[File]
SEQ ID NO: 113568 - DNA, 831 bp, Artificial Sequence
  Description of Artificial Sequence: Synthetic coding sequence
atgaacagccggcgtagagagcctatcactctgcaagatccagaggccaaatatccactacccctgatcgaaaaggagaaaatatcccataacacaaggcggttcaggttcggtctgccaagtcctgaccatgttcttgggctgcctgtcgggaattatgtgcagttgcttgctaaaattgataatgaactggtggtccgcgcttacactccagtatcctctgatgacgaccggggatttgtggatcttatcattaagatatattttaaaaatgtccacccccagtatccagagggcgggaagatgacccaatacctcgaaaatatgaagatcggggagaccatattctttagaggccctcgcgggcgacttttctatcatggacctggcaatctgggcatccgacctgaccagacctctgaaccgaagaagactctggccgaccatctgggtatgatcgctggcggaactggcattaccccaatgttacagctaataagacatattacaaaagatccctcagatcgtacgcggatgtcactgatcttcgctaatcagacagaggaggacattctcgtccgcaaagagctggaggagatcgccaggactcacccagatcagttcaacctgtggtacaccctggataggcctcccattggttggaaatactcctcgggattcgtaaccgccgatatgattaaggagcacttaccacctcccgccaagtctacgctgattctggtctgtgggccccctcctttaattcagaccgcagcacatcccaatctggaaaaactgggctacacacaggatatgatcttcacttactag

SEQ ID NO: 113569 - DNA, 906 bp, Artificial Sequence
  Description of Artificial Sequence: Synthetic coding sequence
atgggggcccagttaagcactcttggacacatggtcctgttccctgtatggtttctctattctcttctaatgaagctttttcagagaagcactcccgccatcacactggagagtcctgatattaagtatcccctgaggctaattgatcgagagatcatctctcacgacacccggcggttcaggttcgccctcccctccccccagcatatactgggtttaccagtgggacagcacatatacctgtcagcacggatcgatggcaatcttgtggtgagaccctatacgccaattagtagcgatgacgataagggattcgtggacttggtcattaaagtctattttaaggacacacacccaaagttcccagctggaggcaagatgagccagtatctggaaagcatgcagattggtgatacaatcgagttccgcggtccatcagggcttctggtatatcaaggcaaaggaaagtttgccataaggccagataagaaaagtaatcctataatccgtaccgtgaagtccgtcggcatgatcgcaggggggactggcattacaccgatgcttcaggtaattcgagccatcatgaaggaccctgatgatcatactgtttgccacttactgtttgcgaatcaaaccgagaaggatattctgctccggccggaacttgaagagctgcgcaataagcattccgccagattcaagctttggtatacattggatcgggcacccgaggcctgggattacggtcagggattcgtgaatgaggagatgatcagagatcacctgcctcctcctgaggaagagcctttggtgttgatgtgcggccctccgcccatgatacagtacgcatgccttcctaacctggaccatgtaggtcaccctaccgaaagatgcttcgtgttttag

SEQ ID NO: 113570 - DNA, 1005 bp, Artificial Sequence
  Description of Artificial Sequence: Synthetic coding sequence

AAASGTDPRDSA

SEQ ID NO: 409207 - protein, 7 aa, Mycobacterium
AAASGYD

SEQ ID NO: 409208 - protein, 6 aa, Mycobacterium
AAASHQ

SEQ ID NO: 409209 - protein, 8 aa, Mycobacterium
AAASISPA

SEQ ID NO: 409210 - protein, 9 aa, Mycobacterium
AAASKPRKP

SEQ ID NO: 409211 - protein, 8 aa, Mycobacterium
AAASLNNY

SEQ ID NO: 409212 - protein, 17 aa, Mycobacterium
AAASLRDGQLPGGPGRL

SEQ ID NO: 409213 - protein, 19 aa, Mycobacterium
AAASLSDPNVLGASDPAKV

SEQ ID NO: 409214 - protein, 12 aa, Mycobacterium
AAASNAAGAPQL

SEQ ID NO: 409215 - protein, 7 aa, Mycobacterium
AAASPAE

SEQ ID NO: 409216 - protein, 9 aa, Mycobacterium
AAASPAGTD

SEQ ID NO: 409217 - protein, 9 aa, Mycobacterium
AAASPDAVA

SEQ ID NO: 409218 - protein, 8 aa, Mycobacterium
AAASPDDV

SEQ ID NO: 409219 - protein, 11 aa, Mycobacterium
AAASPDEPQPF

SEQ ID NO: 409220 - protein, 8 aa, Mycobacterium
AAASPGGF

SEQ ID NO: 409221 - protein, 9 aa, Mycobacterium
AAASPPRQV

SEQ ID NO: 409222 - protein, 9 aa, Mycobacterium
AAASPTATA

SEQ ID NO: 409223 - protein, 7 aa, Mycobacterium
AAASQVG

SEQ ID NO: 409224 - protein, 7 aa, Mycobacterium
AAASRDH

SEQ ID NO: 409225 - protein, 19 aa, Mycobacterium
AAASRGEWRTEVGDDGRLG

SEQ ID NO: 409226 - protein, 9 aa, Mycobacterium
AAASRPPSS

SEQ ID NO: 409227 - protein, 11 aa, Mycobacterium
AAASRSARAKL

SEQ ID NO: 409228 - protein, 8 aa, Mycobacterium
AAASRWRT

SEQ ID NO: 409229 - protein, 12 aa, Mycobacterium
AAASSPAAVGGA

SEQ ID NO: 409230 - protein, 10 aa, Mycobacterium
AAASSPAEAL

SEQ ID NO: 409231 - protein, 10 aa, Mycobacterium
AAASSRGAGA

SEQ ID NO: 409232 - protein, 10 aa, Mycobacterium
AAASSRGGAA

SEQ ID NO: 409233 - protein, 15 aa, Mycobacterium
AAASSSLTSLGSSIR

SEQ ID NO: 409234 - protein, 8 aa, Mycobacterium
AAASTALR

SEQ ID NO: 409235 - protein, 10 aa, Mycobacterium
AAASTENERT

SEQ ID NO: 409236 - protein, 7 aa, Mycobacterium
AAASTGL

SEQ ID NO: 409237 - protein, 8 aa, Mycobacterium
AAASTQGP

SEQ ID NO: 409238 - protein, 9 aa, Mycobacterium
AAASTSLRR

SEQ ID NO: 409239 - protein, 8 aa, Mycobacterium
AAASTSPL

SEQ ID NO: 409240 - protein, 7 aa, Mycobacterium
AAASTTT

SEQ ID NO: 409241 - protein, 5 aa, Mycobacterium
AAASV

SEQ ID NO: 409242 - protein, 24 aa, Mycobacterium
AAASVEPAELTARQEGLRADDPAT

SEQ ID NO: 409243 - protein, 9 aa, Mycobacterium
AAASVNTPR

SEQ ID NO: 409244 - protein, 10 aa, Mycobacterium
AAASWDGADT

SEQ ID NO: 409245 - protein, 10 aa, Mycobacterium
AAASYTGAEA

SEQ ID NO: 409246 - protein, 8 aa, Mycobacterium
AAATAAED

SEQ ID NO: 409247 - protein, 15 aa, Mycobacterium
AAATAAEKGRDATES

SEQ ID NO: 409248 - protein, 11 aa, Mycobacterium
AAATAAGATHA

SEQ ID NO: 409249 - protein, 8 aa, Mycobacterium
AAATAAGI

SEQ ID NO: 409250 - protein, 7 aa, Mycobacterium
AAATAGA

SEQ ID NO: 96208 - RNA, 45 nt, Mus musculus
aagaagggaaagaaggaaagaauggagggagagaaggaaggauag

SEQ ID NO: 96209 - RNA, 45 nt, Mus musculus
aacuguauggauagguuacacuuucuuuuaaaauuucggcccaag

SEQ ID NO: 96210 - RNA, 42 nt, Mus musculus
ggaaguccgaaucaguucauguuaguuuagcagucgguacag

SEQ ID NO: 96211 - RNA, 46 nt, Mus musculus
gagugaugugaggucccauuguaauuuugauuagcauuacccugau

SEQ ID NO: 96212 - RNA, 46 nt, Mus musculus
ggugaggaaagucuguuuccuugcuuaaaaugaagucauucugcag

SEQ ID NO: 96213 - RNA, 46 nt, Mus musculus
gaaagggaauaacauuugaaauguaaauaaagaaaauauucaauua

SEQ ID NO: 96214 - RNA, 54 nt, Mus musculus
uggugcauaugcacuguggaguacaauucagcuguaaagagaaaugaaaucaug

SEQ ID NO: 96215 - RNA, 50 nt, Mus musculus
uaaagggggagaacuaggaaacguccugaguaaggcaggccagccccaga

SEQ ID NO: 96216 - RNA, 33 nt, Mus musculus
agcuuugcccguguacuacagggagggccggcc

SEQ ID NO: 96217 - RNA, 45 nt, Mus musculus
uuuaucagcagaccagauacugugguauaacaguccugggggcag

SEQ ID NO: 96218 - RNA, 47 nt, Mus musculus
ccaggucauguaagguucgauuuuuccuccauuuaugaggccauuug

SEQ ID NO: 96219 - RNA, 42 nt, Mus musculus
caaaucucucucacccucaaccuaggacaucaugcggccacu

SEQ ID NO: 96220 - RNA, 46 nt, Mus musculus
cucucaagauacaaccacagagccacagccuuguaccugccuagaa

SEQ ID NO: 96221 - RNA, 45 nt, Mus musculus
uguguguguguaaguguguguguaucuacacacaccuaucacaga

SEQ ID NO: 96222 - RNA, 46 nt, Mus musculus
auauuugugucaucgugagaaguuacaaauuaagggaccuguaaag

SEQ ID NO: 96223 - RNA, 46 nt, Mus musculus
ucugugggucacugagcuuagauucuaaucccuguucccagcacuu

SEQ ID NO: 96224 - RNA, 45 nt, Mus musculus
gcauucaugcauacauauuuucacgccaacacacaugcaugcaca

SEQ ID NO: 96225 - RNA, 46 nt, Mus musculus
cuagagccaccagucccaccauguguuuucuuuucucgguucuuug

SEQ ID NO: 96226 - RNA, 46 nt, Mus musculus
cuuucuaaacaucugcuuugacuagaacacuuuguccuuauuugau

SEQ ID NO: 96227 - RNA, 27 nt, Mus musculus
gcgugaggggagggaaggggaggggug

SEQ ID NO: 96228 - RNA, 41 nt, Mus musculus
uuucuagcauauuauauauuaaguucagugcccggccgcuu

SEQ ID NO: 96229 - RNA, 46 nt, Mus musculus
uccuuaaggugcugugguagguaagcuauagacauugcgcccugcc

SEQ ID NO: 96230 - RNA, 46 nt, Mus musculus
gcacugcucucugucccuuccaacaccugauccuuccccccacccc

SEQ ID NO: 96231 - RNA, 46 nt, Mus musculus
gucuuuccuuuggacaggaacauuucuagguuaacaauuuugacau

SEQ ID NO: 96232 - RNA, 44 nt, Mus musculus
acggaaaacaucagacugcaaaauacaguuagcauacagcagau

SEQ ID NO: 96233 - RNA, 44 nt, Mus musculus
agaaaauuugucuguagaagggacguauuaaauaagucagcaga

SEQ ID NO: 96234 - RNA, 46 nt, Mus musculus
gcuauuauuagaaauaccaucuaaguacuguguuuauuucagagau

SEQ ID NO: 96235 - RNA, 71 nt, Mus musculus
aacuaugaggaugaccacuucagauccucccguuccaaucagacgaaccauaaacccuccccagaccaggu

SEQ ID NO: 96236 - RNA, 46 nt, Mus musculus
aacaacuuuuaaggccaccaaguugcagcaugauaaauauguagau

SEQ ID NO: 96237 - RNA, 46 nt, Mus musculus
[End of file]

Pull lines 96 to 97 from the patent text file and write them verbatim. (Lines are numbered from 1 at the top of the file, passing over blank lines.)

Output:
SEQ ID NO: 409250 - protein, 7 aa, Mycobacterium
AAATAGA